New Jersey’s status as a reliable Democratic state got cemented during former President Donald Trump’s administration. The party picked up four U.S. House seats in 2018, though one of them flipped to the GOP when Jeff Van Drew switched parties because of his opposition to the first Trump impeachment.
Going into this month’s election, Democrats control 10 of the state’s dozen seats, while the GOP has two. The 7th District sequel between Malinowski and Kean is perhaps the most closely watched contest.
Here’s a look at what to expect on election night:
Polls close at 8 p.m. ET.
HOW NEW JERSEY VOTES
New Jersey has a mix of early mail and in-person voting, along with Election Day voting at polling places. Voters can get a mail-in ballot without an excuse and can vote by dropping ballots in drop boxes, the mailbox or taking them in person to their county seat. Early in-person voting runs from Oct. 29 through Nov. 6. New Jersey’s biggest bloc of voters is Democratic, followed by unaffiliated voters, then Republicans.
AP will tabulate and declare winners in 14 contested elections in New Jersey, including 12 U.S. House seats. In the 2020 general election, AP first reported results at 8:18 p.m. ET Tuesday and 50% of results at 9:42 p.m. ET. AP reported 90% of results on Nov. 12.
AP does not make projections or name apparent or likely winners. Only when AP is fully confident a race has been won – defined most simply as the moment a trailing candidate no longer has a path to victory – will we make a call. Should a candidate declare victory – or offer a concession – before AP calls a race, we will cover newsworthy developments in our reporting. In doing so, we will make clear that AP has not yet declared a winner and explain the reason why we believe the race is too early or too close to call.
The AP may call a statewide or U.S. House race in which the margin between the top two candidates is 0.5% or less, if we determine the lead is too large for a recount to change the outcome. In New Jersey, candidates may request a recount within 17 days of the election.
The AP will not call down-ballot races on election night if the margin between the top two candidates is less than 2% or if the leading candidate is within 2% of the 50% runoff threshold. AP will revisit those races later in the week to confirm there aren’t enough outstanding votes left to count that could change the outcome.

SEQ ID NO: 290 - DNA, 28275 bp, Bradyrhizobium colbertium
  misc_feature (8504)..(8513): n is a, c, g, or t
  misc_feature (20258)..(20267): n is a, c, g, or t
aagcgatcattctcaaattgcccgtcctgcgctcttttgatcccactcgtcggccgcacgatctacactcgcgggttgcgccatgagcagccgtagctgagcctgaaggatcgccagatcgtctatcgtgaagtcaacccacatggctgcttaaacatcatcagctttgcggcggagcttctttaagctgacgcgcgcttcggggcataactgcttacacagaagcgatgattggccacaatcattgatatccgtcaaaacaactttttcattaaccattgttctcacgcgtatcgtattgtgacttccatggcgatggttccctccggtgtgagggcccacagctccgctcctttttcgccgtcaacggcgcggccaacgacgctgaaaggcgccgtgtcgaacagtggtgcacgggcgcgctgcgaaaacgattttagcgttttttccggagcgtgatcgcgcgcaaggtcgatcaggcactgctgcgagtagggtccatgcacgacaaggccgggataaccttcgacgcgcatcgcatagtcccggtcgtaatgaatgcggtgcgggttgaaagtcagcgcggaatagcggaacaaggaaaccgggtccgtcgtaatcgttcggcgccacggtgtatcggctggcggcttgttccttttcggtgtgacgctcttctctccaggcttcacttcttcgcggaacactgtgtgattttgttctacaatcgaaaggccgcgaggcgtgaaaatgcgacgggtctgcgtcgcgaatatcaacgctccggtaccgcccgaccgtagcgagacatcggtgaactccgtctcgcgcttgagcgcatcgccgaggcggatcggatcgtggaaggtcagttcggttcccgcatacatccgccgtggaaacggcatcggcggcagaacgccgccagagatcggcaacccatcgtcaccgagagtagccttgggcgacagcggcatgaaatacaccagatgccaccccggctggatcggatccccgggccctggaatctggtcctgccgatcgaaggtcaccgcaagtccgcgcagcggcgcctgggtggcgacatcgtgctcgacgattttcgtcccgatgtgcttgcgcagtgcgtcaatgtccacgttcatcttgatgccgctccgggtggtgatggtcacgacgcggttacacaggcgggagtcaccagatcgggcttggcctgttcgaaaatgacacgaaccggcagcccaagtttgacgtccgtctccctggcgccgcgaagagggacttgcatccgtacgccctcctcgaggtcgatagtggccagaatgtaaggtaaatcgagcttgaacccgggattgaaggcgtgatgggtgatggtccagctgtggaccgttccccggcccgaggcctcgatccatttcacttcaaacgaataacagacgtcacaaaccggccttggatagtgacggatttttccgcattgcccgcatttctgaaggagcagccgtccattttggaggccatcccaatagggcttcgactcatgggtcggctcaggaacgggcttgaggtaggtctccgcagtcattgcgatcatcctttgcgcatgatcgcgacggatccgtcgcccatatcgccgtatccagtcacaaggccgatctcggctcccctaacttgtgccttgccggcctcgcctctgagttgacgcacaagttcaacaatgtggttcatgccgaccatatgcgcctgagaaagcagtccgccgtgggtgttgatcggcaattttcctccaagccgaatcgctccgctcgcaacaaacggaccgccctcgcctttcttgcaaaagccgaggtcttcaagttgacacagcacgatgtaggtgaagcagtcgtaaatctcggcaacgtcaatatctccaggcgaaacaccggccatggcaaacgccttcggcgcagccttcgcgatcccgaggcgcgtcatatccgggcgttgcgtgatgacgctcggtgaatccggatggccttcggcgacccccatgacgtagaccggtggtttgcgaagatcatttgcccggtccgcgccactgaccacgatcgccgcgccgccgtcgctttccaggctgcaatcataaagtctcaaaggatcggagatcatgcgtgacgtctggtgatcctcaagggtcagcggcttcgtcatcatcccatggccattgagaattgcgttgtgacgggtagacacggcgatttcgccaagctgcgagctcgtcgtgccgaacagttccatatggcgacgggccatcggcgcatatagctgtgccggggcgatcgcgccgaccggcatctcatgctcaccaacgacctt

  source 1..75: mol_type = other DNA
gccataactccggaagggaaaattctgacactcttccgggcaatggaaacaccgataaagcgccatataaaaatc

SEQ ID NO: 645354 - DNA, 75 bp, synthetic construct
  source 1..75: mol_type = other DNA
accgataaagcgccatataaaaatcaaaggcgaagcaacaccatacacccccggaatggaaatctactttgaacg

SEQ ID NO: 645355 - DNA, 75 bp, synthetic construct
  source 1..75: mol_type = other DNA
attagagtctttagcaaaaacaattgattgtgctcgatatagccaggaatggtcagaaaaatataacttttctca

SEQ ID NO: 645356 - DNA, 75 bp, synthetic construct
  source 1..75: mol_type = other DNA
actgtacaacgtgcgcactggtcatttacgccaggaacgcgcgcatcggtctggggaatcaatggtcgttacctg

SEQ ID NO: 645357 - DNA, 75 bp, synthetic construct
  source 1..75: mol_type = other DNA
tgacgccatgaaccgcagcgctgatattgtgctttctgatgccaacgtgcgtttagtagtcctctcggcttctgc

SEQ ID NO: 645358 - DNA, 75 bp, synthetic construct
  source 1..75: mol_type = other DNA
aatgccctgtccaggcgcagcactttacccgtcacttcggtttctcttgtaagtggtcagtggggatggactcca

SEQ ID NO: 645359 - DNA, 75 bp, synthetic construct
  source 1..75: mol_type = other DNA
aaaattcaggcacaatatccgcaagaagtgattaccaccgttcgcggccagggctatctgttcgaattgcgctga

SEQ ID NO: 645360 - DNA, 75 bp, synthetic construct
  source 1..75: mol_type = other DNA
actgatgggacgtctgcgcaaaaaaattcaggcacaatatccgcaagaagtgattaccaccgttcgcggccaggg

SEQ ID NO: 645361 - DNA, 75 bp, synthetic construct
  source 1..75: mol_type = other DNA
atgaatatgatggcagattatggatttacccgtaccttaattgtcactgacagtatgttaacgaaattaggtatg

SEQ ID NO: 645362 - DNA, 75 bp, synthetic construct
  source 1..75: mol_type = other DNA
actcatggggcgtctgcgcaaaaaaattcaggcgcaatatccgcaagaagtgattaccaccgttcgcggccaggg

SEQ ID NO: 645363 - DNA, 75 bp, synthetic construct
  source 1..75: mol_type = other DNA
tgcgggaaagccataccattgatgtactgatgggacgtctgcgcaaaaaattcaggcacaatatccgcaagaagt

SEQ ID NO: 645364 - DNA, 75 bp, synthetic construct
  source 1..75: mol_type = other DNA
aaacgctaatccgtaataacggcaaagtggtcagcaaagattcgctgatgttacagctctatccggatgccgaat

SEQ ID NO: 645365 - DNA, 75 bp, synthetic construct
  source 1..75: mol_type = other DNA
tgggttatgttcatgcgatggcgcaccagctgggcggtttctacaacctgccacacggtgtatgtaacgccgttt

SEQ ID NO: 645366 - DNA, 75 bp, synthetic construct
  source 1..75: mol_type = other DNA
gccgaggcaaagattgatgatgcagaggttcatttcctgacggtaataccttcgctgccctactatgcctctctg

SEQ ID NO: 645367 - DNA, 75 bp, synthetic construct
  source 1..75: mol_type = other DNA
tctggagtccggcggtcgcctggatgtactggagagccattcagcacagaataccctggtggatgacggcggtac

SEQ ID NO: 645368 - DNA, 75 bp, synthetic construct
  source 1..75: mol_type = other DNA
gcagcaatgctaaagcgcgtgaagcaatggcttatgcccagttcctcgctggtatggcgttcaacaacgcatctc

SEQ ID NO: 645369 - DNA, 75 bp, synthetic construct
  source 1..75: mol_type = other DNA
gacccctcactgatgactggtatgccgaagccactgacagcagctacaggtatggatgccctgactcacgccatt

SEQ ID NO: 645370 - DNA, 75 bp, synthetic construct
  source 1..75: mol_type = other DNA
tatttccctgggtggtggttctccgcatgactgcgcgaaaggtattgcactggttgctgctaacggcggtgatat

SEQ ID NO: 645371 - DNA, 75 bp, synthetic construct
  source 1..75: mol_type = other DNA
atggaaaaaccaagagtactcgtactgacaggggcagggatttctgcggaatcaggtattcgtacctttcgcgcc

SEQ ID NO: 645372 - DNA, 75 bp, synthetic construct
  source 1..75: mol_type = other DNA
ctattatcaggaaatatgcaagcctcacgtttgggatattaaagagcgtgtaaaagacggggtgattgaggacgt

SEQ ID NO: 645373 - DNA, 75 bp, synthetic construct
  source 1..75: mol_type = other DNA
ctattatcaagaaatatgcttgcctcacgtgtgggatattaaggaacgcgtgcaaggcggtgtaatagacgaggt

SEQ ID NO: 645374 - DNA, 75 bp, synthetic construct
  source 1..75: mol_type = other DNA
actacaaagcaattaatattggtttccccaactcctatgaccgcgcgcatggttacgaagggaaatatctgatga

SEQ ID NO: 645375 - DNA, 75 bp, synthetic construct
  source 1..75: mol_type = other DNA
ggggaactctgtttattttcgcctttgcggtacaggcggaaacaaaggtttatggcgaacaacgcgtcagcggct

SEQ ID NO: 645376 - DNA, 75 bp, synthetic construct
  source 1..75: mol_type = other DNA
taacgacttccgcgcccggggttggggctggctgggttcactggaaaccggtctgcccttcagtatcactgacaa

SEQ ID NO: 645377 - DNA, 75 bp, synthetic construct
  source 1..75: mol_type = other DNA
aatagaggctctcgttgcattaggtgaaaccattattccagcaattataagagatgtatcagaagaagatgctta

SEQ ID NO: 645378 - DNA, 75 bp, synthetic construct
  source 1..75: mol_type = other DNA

WHAT ELSE SHOULD I KNOW?
Q: WHAT DID WE LEARN FROM THE PRIMARY?
A: No incumbents lost in the primary, showcasing their usual strength in New Jersey elections and the two major parties’ strength getting their preferred candidates into the general election.
Q: WHAT’S CHANGED SINCE THE PANDEMIC ELECTION OF 2020?
A: New Jersey in 2020 sent mail-in ballots to every registered voter, resulting in a flood of mail ballots that slowed vote counting and reporting of results. The state didn’t report total votes until Nov. 15. New Jersey enacted an early in-person voting measure in 2021, establishing a weeklong period of in-person voting that ends before Election Day. The state also allowed election officials to begin counting mail-in ballots before Election Day.
Q: WHAT DO TURNOUT AND ADVANCE VOTE LOOK LIKE?
A: As of Oct. 1, 2022, there were 6,488,266 registered voters in New Jersey, including 2,530,771 Democrats, 1,525,013 Republicans and 2,351,433 unaffiliated.
In 2020, more than 4.4 million people cast ballots, compared to 3.87 million in 2016. In 2020, during the height of the pandemic, 94% of votes were cast by mail.
Q: HOW LONG DOES COUNTING USUALLY TAKE?
A: It’s hard to say because 2020 was an abnormal election. Because of COVID-19, the governor and Legislature chose to send mail ballots to all voters. Then lawmakers changed voting law to provide for early in-person voting in 2021. This year’s election will see a mix of mail, early in-person and Election Day voting.
Q: WHAT HAPPENS AFTER TUESDAY?
A: There is no automatic recount in New Jersey, and candidates would have to finance the cost of one if they sought one. Recounts aren’t a regular feature.
New Jersey Democrats added Democratic voters in districts that began a decade ago as Republican districts. That could make re-election prospects easier for some incumbents, including Mikie Sherrill in the 11th District and Andy Kim in the 3rd. But they didn’t sure up the 7th District, where the GOP ranks swelled. A good night for House Republicans could include a victory in this swingy district.
The state also had a preview of sorts during its statewide race for governor last year. Democratic incumbent Phil Murphy won, as expected, but the contest was much closer than polls indicated. Republicans also picked up seats in the Legislature, and Democrats said they believed the public was most concerned with affordability issues. It’s a theme that’s carried into this year as well.